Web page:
Recycling cans and bottles is easy, but you must choose to rinse them out. (Photo: Vectorpower/Getty Images/iStockphoto)
Recycling, long a way of life in Southwest Florida, is in trouble in places.
Changing markets, lackluster participation and confusion over what should be recycled have caused communities to rethink whether it’s worth the bother of separate trash collection for reusable materials.
Thankfully, there’s no indication that’s about to happen here.
Unlike some government programs, where citizens aren’t required or empowered to do much other than sit back and watch it work (or not work) recycling requires regular effort from and offers ongoing rewards for everyone.
Fortunately, governments in Collier and Lee counties have made it easy for everyone to contribute.
It wasn’t always so. We remember the 1990s and Collier’s bulky, open 18-gallon bins that required an often back-breaking lug to the curb. There, a crew would sort the items by hand into separate compartments on the truck before driving the few feet to the next house to repeat the process.
By 2005 the county had switched to single stream recycling and wheeled carts with a lid that could be easily transported and mechanically emptied, leaving little excuse for residents not to make the minimal effort to put recyclables in one cart, trash in another.
Statistics show it’s working.
Collier County ranks fifth in the state in rate of recycling, according to the latest figures from the Florida Department of Environmental Protection. Eighty-five percent of single-family homes participate in the curbside pickup program. For commercial buildings, the rate is 92 percent.
Through 2017, FDEP estimates 68 percent of Collier’s garbage stream was being recycled. The goal is to hit 75 percent by the end of 2020.
Yard waste is the most common item, with an estimated 99 percent of it being recycled into mulch.
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Sixty-five percent of cardboard and 58 percent of newspapers make it to the recycling stream.
Lee County ranks fourth in the state and has already reached the 75 percent goal.
In Lee County horticultural waste helps fuel the waste-to-energy incinerator that reduces it and other non-recyclable materials to about 10 percent of their original volume.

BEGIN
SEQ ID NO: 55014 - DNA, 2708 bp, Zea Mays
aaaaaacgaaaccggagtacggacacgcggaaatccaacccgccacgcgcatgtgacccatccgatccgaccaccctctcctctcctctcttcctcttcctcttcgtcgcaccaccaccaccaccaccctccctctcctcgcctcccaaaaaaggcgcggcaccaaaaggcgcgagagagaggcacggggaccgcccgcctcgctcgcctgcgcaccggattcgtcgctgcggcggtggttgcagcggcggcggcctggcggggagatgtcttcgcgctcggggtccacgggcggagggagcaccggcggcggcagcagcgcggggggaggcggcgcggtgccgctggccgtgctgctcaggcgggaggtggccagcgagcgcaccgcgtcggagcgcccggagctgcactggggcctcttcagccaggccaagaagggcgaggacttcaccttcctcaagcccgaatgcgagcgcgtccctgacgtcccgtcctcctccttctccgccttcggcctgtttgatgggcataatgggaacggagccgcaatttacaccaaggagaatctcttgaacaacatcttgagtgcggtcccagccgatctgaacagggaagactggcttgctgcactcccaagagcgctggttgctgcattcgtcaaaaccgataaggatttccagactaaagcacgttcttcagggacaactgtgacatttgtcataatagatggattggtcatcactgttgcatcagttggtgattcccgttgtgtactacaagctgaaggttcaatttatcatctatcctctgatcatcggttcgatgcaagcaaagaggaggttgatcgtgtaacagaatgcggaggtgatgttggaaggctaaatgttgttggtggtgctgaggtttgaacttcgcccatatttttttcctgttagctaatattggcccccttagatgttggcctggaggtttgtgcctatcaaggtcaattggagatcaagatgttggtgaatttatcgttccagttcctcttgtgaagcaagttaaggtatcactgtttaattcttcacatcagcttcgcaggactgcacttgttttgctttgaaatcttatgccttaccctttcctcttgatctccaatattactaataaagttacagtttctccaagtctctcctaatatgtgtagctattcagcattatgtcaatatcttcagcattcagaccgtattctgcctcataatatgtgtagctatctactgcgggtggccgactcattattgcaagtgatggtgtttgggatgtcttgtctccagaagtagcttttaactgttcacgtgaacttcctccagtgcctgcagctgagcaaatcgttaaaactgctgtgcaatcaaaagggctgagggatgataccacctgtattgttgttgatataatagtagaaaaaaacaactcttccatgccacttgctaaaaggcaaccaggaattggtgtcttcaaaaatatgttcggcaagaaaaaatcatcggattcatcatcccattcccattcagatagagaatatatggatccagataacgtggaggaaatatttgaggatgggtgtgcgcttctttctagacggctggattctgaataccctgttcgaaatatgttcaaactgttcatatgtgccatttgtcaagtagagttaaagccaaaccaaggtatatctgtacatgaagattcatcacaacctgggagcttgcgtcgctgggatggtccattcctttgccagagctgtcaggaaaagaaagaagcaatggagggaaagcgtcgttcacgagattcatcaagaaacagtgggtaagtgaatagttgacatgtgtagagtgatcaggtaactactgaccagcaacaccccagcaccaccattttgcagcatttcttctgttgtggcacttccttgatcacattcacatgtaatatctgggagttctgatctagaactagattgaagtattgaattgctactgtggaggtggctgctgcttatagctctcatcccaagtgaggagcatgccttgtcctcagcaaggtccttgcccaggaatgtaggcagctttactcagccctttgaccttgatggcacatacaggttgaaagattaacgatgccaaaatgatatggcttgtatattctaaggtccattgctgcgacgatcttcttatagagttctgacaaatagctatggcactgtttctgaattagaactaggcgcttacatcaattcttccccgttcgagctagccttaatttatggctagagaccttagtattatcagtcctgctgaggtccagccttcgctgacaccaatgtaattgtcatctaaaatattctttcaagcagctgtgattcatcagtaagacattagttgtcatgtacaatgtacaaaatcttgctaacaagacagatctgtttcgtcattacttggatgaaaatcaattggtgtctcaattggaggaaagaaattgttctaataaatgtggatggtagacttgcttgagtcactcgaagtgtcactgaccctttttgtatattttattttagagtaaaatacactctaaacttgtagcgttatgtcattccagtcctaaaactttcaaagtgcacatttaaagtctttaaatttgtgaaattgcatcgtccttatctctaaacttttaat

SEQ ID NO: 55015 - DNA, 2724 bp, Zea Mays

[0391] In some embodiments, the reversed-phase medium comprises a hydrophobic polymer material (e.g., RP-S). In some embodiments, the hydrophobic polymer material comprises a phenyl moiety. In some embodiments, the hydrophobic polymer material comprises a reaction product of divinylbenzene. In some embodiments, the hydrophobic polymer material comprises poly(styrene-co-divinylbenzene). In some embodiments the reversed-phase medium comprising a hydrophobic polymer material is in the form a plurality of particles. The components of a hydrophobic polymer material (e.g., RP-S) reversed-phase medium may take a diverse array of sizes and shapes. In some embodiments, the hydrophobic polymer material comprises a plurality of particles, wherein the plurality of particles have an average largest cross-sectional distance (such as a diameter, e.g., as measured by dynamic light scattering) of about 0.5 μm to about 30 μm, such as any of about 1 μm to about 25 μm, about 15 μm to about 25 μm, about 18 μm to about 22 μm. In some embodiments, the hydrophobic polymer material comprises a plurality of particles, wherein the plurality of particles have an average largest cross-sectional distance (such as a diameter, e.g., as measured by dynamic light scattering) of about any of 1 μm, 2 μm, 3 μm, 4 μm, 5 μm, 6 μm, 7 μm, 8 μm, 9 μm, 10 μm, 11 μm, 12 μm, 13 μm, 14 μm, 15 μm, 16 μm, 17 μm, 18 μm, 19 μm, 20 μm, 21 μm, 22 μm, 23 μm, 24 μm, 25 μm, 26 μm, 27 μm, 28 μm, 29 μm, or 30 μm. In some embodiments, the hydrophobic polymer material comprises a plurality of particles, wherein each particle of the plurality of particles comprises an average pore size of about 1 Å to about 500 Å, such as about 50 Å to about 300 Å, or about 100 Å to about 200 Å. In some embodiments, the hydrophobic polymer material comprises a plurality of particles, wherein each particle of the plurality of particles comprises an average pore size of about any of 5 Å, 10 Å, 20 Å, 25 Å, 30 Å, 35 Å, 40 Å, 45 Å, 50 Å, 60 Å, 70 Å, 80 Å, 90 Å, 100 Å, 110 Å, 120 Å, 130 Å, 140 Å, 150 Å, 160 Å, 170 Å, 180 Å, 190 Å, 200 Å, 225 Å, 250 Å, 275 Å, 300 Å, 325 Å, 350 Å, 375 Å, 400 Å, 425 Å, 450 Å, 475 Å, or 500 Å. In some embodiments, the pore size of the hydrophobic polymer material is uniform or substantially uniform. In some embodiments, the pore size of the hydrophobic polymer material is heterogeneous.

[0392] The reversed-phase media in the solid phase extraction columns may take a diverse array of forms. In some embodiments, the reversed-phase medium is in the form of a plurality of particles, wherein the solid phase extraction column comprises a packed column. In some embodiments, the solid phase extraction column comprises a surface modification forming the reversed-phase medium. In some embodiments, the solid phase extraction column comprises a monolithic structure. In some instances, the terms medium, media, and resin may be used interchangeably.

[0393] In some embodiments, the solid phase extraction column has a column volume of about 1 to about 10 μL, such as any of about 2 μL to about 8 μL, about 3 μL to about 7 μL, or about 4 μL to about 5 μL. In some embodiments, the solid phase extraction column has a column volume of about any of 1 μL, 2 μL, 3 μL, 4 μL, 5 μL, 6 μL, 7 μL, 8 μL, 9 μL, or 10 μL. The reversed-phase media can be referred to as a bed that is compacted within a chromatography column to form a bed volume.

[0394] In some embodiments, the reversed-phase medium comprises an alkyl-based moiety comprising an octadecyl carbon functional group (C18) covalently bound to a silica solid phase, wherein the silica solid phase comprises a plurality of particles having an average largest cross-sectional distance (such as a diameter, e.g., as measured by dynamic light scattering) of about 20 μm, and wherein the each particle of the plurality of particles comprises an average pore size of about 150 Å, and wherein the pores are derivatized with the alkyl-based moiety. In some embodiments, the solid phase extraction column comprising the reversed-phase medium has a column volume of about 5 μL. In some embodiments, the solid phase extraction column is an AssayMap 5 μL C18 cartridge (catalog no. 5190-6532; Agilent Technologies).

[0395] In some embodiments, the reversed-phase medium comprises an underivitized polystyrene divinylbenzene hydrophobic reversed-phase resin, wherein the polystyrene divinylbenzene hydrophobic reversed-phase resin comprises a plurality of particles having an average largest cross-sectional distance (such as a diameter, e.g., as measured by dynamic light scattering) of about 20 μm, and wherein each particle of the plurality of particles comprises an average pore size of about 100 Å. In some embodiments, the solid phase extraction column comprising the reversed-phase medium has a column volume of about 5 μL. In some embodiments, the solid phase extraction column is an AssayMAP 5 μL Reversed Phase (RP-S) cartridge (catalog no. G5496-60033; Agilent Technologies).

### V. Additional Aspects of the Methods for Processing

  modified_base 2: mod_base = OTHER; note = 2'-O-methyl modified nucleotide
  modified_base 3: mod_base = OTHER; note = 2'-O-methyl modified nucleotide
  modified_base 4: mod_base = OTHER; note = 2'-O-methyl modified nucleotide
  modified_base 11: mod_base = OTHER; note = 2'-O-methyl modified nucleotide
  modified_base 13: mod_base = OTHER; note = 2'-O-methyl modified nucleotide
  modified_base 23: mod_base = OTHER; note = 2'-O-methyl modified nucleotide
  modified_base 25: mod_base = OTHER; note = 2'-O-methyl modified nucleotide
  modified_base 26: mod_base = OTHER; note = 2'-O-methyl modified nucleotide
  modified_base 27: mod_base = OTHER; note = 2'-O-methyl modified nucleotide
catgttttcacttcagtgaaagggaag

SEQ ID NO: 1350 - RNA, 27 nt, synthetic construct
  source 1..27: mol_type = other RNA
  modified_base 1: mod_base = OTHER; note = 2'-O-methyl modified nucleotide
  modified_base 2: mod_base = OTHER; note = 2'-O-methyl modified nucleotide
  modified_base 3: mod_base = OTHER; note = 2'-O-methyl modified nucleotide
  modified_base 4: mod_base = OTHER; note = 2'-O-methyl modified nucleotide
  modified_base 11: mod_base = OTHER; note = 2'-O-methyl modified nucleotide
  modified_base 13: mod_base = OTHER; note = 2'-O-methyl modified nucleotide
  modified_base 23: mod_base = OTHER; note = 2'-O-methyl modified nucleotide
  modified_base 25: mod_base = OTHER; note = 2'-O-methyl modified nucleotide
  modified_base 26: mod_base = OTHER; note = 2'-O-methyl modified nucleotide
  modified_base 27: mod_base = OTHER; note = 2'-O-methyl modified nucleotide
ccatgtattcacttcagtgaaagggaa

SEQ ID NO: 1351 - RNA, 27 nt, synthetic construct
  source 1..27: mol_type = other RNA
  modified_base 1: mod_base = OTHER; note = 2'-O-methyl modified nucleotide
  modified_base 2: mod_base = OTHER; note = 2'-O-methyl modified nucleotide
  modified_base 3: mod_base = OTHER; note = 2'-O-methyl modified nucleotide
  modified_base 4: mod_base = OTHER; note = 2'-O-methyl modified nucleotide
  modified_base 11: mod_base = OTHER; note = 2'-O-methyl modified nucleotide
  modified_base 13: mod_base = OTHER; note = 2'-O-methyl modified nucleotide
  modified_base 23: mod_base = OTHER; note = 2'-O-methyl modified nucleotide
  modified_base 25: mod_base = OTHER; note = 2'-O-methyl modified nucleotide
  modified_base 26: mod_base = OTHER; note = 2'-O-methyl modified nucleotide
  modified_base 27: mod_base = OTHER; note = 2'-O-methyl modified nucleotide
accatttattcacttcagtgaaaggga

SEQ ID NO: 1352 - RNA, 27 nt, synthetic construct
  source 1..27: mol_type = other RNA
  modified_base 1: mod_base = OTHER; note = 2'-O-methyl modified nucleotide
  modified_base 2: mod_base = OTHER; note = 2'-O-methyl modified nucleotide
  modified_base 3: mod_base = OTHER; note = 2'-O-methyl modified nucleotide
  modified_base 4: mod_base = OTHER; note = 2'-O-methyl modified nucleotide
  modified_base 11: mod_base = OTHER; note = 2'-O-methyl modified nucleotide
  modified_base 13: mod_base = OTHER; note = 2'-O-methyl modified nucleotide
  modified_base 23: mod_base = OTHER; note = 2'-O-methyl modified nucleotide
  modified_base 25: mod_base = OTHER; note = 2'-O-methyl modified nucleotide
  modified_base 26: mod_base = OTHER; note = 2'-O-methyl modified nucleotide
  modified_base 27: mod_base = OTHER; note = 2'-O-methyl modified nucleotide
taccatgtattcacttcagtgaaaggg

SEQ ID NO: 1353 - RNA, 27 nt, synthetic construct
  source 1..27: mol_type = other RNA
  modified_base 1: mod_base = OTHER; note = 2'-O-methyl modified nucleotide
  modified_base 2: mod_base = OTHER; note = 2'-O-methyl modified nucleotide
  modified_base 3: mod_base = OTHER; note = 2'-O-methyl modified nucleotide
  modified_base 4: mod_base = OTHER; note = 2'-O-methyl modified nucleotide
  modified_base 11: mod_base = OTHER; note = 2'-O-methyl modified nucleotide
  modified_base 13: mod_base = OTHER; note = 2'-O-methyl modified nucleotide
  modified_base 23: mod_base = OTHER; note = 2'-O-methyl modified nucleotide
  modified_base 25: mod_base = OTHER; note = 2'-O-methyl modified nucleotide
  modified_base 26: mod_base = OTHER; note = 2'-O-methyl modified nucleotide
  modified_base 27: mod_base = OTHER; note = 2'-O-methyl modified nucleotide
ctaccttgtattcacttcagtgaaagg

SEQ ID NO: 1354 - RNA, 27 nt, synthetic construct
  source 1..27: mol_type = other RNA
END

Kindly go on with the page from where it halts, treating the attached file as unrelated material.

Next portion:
While Collier and Lee counties show no signs of slowing down in their efforts, it behooves everyone to make recycling work as efficiently as possible.
That entails knowing what goes in the recycling cart and what doesn’t.
Collier County, Lee County and the City of Naples have posted extensive guides on their websites offering instructions.
For example, while it’s commonly known that plastics are recyclable, not all plastics are created equally in that regard. Look for the numbers 1 through 7 marked on the bottom.
Plastic bags may be great for lining the kitchen garbage can, but they shouldn’t be thrown in with the recyclables, experts say.
Aluminum and metal cans are top-of-the line recyclables, but aluminum and metal pots, pans, screens, tools, car parts and lawn furniture belong in the trash.
Glass in the form of green, brown and clear bottles recycle.
Glass in the form of dishes, cookware, windows and mirrors, not so much.
Estimates are that Americans go through enough aluminum cans every three months to replace the entire commercial air fleet.
We discard enough glass bottles to fill up a large stadium every two weeks.
The city of Naples estimates its residents generate trash at double the national average.
In short, there’s too much potential garbage heading to landfills to not stick with Southwest Florida’s successful recycling tradition.
Brent Batten wrote this for the Naples Daily News editorial board.
Read or Share this story: https://www.naplesnews.com/story/opinion/2019/06/04/editorial-southwest-floridas-recycling-tradition-worth-saving/1343303001/